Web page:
The dog days of summer are almost here, so let’s turn up the heat surrounding the practices of your current employer and discuss unfair pregnancy leave, sexual harassment, age discrimination, unregulated working hours and wrongful discharge. Do you know what your rights are as an employer? Too often people put up with poor working conditions, simply because they do not know any better. Today’s the day to stand up and take note of a few of these laws to make sure you’re being treated fairly.
According to the U.S. Department of Labor Family and Medical Leave Act (FMLA), an employer who has 50 or more employees must grant them a 12 week leave of pregnancy absence as long as they have worked 12 months and 1,250 hours total. This is a solid law that would be easily backed in any court of law in the United States. Most smart employees are not going to mess around with this one.
The U.S. Equal Employment Opportunity Commission (EEOC) defines sexual harassment as any “unwelcome” sexual advance or request. Last year they reported over 12,000 men and women claiming sexual harassment charges (15% male). The first thing the EEOC instruct a victim to do is ask the individual to stop the unwanted behavior immediately and report it through your employee’s grievance system. If this does not help, then it must be brought to the EEOC’s attention. These charges have a short statute of limitation and need to be followed up with quickly.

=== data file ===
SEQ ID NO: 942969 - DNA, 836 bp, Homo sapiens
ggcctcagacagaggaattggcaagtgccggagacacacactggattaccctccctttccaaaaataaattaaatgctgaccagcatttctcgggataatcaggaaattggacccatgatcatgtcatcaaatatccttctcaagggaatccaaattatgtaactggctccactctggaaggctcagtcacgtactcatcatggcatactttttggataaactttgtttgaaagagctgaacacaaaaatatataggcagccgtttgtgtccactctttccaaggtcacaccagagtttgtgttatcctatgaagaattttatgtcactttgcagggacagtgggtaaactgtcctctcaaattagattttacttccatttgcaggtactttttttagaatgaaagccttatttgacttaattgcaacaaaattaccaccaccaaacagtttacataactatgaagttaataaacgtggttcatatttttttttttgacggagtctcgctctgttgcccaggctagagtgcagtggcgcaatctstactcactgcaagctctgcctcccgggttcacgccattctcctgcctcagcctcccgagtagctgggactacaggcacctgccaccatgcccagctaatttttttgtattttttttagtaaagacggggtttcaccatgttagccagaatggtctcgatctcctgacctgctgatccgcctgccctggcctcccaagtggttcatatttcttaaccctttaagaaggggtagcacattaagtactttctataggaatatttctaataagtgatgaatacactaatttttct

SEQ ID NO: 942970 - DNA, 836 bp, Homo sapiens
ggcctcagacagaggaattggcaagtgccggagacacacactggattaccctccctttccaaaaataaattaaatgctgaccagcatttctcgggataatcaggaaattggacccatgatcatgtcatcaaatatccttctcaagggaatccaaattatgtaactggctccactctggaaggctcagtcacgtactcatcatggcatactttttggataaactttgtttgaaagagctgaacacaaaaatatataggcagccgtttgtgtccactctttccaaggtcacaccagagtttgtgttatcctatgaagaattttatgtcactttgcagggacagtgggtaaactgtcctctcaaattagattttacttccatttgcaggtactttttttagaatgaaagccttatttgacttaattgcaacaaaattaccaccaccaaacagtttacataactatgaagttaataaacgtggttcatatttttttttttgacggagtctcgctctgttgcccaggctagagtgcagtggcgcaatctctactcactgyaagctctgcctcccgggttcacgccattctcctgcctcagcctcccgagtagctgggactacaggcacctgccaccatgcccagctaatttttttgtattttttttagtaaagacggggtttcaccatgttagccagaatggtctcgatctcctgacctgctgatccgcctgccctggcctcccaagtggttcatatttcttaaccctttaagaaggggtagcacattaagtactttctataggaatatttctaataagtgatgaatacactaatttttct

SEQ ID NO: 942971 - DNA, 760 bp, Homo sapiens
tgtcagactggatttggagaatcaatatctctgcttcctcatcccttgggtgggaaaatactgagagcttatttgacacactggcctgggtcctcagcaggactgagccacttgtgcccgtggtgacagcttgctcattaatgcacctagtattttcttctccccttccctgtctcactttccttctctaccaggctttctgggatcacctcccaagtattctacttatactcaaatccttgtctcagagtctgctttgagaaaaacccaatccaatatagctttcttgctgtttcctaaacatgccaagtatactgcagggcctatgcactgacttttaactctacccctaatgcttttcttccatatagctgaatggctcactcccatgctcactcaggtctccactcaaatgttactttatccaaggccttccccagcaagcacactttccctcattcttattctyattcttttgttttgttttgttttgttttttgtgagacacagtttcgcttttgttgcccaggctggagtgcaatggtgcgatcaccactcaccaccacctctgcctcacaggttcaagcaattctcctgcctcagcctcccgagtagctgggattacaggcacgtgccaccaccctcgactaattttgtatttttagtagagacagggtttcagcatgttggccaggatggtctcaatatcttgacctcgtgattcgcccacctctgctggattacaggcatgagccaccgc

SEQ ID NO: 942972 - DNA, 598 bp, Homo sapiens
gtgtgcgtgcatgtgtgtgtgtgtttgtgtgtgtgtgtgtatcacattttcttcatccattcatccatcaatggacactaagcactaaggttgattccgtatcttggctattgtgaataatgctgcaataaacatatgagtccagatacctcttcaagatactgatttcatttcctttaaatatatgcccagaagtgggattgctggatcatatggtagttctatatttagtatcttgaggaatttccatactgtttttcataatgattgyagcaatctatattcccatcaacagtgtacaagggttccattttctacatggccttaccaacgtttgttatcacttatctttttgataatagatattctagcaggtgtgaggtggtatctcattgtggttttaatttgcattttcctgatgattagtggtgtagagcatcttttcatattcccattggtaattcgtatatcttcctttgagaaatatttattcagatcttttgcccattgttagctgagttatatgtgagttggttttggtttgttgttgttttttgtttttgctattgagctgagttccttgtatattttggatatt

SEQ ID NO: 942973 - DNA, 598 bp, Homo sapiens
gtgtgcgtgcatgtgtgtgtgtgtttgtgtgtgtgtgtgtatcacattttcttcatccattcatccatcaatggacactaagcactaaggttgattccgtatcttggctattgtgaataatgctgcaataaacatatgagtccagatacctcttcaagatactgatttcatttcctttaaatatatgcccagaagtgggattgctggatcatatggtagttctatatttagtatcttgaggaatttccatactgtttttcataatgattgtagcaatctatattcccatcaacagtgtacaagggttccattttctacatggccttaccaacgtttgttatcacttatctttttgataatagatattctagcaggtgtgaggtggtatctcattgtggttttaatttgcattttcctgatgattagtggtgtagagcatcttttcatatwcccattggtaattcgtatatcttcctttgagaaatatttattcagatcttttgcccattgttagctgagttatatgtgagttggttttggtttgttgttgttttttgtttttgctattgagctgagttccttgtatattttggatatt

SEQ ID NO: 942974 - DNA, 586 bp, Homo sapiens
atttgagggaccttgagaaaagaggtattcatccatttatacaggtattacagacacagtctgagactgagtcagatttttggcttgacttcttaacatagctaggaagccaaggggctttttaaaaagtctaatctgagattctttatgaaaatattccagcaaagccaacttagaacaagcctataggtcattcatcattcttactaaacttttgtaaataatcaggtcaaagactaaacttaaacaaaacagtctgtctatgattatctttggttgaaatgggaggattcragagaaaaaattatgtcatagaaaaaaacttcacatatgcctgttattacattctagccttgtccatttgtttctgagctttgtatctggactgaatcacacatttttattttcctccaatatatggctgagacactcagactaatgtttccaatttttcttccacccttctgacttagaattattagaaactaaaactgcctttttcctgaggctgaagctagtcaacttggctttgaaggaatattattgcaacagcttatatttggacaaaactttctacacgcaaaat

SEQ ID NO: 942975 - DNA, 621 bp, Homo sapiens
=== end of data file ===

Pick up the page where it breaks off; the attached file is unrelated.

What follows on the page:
The Age Discrimination in Employment Act (ADEA) protects both employees and job applicants over the age of 40 from being discriminated in the areas of hiring, firing, promotion, compensation, benefits, responsibilities, training and work assignments. Since 1967, this act has kept a close watch over companies’ and their tendencies when dealing with their multiple-age employees.
Due to declining unionization, some employers save money by hiring temporary workers with unregulated working hours. This leaves employees without the rights of minimum wage, overtime and paid leave. These employers especially prey on immigrants. With a decline of enforcement by the Wage and Hour Division (WHD), our greatest hope is to not stand for these jobs and demand better. As long as people agree to work these conditions there will be an employer to offer them. These variables also play into weekend hours and non-paid on-call time.
Wrongful Discharge can be claimed for any of the above unfair practices plus marital status, religious, weight, handicap and race discrimination. The brunt of these cases are feared by employers as they statistically lose more than half of them and pay several times over what they would have paid the employee if they had stayed and worked the entire year. This should give you an idea of the power you can have over your work environment.
To protect yourself against these injustices, the Fair Labor Standards Act (FLSA) and WHD work to enforce various equal opportunities dealing with minimum wage, overtime, records and child labor. The U.S. Department of Labor (www.dol.gov) should always be your first ally if you have an unsolvable discrepancy with your employer. They can point you in the right direction and give you a strong second opinion of your situation. Take advantage of these government support mechanisms; you are paying for them with your taxes after all.